The National Science Foundation has awarded a $20 million grant to a USF-lead team
of researchers to develop a standardized approach to the protection and replenishment
of coral reef and mangrove ecosystems, which serve as a barrier in protecting our
Led by Civil and Environmental Engineering Professor Maya Trotz, the team includes
USF experts in environmental engineering, anthropology and marine science, as well
as collaborators from six academic institutions. They’re working to develop scalable
and equitable engineering practices to enhance coastal sustainability by combining
natural features, such as coral reefs and mangrove forests, with built infrastructure,
such as seawalls and floodwater pumps, to promote resilience to waves, storm surges
and sea-level rise – threats that can cause property damage, erosion and loss of life.
The U.S. Coral Reef Conservation Act promotes the study, management, protection and
restoration of coral reefs. Similar acts in Florida apply to mangroves. Work on reef
and mangrove restoration continues to grow in the U.S. and across the globe.
“Coral reefs and mangroves protect coastal communities, provide numerous ecosystem
services and support local livelihoods. By working with communities to better understand
and value these ecosystems, we will develop more equitable approaches to protecting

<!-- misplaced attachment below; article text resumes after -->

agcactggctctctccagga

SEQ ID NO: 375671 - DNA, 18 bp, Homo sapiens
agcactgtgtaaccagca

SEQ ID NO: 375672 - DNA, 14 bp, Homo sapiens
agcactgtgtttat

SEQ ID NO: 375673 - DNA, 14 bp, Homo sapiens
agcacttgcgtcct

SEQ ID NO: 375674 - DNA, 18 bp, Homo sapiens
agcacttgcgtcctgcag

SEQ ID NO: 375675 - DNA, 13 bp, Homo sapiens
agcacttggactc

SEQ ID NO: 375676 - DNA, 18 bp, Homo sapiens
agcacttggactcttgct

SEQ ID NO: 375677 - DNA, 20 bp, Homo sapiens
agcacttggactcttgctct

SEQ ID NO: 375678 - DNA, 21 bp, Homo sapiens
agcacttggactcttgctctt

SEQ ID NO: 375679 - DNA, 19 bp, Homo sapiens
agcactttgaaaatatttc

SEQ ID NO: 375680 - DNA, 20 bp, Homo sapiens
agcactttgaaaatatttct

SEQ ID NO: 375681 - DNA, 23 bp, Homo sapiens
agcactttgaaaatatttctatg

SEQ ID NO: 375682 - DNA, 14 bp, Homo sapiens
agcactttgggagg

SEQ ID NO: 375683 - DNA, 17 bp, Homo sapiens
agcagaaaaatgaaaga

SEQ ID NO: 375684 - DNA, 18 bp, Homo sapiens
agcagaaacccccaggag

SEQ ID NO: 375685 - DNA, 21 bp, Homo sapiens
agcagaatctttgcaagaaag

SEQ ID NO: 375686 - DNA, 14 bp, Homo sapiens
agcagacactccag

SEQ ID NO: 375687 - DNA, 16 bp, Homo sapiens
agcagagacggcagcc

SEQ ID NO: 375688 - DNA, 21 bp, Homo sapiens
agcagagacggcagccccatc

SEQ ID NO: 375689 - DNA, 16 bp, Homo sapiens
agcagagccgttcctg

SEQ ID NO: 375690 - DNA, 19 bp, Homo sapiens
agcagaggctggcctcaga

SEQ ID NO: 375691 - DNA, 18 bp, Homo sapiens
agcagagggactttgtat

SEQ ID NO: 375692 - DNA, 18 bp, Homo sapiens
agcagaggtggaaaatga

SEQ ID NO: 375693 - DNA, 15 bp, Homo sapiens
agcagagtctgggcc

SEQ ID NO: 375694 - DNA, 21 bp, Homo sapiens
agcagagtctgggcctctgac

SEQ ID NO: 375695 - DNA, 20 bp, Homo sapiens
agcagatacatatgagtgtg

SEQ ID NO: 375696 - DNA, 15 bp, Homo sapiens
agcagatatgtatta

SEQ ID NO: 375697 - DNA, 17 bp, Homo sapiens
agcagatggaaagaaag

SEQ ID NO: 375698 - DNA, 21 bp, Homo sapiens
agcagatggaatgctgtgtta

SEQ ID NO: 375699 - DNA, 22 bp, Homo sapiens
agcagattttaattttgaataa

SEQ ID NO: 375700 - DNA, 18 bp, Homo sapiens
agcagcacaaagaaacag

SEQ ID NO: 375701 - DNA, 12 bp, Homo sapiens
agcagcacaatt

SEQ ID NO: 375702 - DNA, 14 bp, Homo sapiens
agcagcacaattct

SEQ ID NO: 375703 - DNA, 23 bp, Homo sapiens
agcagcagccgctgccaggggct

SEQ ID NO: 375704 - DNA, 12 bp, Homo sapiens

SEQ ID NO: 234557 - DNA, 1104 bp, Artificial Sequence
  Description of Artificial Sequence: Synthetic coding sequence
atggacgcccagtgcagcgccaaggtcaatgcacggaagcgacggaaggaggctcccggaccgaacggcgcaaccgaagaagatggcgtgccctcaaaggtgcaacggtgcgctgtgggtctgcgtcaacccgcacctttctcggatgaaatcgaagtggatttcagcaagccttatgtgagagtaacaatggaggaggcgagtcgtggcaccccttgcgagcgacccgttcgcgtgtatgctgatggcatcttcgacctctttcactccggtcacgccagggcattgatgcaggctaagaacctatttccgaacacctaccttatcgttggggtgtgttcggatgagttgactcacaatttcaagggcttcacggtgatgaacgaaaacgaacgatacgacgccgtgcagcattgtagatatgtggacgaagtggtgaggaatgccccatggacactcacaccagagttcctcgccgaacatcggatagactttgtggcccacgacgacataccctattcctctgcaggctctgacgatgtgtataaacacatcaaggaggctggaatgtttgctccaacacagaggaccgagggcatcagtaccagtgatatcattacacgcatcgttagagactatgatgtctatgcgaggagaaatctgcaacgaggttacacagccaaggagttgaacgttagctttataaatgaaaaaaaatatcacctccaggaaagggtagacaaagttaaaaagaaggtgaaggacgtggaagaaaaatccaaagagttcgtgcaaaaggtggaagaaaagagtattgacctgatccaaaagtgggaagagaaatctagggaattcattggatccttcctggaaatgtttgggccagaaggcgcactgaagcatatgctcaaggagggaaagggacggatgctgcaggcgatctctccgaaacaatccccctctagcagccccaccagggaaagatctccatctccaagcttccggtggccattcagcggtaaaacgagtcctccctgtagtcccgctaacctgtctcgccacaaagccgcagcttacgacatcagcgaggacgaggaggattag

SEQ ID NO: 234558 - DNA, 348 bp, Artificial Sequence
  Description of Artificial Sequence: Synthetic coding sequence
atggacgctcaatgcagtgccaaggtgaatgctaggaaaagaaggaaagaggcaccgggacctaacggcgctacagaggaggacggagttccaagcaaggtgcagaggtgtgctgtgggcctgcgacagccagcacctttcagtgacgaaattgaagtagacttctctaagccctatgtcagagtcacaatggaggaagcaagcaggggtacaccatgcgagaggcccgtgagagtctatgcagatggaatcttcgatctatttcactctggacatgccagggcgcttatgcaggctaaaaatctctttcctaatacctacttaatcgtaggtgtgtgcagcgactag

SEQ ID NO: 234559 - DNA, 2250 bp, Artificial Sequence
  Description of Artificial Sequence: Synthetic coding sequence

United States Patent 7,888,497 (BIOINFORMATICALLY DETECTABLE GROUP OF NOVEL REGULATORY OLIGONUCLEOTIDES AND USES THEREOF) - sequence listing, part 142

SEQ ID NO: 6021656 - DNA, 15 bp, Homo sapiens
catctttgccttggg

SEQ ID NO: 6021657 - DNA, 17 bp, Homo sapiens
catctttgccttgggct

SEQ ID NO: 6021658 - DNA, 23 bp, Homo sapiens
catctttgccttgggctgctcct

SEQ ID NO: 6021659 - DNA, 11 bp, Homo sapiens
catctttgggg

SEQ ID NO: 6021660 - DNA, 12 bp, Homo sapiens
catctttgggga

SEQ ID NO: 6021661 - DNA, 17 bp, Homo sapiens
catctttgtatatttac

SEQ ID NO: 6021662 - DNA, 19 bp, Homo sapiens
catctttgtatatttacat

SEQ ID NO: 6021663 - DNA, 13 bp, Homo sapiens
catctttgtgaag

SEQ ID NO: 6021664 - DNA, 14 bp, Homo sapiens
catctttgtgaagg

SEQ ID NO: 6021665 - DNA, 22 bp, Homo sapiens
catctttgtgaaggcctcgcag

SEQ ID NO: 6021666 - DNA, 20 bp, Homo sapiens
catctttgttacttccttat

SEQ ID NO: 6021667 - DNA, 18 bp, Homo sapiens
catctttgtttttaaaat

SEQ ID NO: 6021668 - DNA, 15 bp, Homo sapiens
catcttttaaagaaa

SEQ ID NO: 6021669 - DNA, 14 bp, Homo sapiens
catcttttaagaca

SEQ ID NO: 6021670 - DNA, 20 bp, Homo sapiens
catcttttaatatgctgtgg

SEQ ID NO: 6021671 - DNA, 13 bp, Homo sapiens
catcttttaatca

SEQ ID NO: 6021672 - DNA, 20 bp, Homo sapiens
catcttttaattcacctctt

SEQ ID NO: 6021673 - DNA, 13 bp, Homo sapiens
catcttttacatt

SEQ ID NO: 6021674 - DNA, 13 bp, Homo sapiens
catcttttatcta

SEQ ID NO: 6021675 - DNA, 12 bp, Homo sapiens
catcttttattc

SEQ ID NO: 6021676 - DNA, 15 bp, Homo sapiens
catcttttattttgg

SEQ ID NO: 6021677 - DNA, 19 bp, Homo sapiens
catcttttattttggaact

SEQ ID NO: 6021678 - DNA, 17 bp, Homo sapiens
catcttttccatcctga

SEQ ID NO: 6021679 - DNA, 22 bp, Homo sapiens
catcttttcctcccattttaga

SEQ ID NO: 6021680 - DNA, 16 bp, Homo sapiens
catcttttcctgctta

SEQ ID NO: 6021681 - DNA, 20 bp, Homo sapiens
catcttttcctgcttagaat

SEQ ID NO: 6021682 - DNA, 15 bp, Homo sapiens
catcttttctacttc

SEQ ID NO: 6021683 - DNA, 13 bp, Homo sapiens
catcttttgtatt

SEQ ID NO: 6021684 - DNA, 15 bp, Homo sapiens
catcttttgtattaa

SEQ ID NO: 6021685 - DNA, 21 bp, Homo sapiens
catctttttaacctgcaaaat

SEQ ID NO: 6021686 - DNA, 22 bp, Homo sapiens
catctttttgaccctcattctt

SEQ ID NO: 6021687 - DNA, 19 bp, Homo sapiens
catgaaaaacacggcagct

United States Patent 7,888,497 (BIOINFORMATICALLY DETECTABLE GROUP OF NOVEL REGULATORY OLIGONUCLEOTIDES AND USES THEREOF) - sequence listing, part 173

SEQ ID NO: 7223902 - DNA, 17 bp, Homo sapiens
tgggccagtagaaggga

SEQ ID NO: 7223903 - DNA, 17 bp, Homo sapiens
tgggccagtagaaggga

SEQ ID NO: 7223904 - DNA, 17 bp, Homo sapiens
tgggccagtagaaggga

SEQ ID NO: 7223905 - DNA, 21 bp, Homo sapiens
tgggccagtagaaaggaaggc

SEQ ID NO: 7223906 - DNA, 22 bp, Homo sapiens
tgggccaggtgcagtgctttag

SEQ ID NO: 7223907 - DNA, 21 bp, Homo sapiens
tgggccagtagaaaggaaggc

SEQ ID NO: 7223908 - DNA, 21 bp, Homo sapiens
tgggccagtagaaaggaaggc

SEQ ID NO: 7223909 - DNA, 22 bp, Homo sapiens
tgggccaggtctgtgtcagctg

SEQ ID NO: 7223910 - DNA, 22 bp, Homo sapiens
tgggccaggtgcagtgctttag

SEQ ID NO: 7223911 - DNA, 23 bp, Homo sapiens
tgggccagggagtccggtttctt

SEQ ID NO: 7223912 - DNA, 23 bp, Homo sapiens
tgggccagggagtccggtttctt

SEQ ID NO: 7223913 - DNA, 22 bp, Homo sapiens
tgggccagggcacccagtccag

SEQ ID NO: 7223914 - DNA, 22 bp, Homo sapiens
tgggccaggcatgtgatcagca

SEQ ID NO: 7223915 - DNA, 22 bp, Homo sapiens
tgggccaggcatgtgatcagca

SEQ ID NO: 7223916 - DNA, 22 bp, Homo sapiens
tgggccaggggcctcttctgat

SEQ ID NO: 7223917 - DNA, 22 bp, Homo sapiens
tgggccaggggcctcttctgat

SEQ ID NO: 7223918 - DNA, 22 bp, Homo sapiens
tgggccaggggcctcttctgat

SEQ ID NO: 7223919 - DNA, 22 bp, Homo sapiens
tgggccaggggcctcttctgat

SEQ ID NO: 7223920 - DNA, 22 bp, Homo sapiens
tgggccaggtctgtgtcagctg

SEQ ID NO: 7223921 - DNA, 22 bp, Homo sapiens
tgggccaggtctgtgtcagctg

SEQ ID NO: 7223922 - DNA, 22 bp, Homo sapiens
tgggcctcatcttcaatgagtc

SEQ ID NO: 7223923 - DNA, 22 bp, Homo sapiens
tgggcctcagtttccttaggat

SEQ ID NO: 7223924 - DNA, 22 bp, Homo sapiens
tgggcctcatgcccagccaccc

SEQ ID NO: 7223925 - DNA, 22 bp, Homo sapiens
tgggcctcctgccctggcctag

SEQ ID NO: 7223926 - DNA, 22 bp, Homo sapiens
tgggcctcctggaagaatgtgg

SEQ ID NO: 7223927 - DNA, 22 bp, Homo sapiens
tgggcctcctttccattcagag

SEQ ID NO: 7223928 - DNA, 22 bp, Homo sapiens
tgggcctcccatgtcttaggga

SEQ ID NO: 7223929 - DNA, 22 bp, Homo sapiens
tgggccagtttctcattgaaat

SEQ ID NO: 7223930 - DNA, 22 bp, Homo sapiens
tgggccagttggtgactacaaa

and restoring them,” Trotz said. “Not only will this project address the environmental
questions of our time, it will also provide advice on how ordinary people everywhere
can participate in finding solutions to our coastal crisis.”
The research aims to quantify the social and ecological factors required to develop
effective policy changes and advance public and private investment in disaster risk
prevention and reduction.
With its low-lying topography and coral reef and mangrove habitat, the research team
will focus on the Biscayne Bay region in Miami, which is one of the most highly susceptible
areas to climate and weather disasters, as well as the Mesoamerican Barrier Reef Complex
in Belize and the U.S. Virgin Islands.
The project is part of the National Science Foundation’s Coastlines and People Hubs for Research and Broadening
Participation program. The research team includes experts from Boston University, Stanford University,
University of Miami, University of California Santa Cruz, University of Virgin Islands
and East Carolina University.
They’re also working with the World Wildlife Fund, an international organization that
works to reduce human impact on natural environments; Fragments of Hope Ltd., which
has been pioneering scalable coral reef restoration in Belize; and Black in Marine
Science, which seeks to broaden participation in the marine science field.
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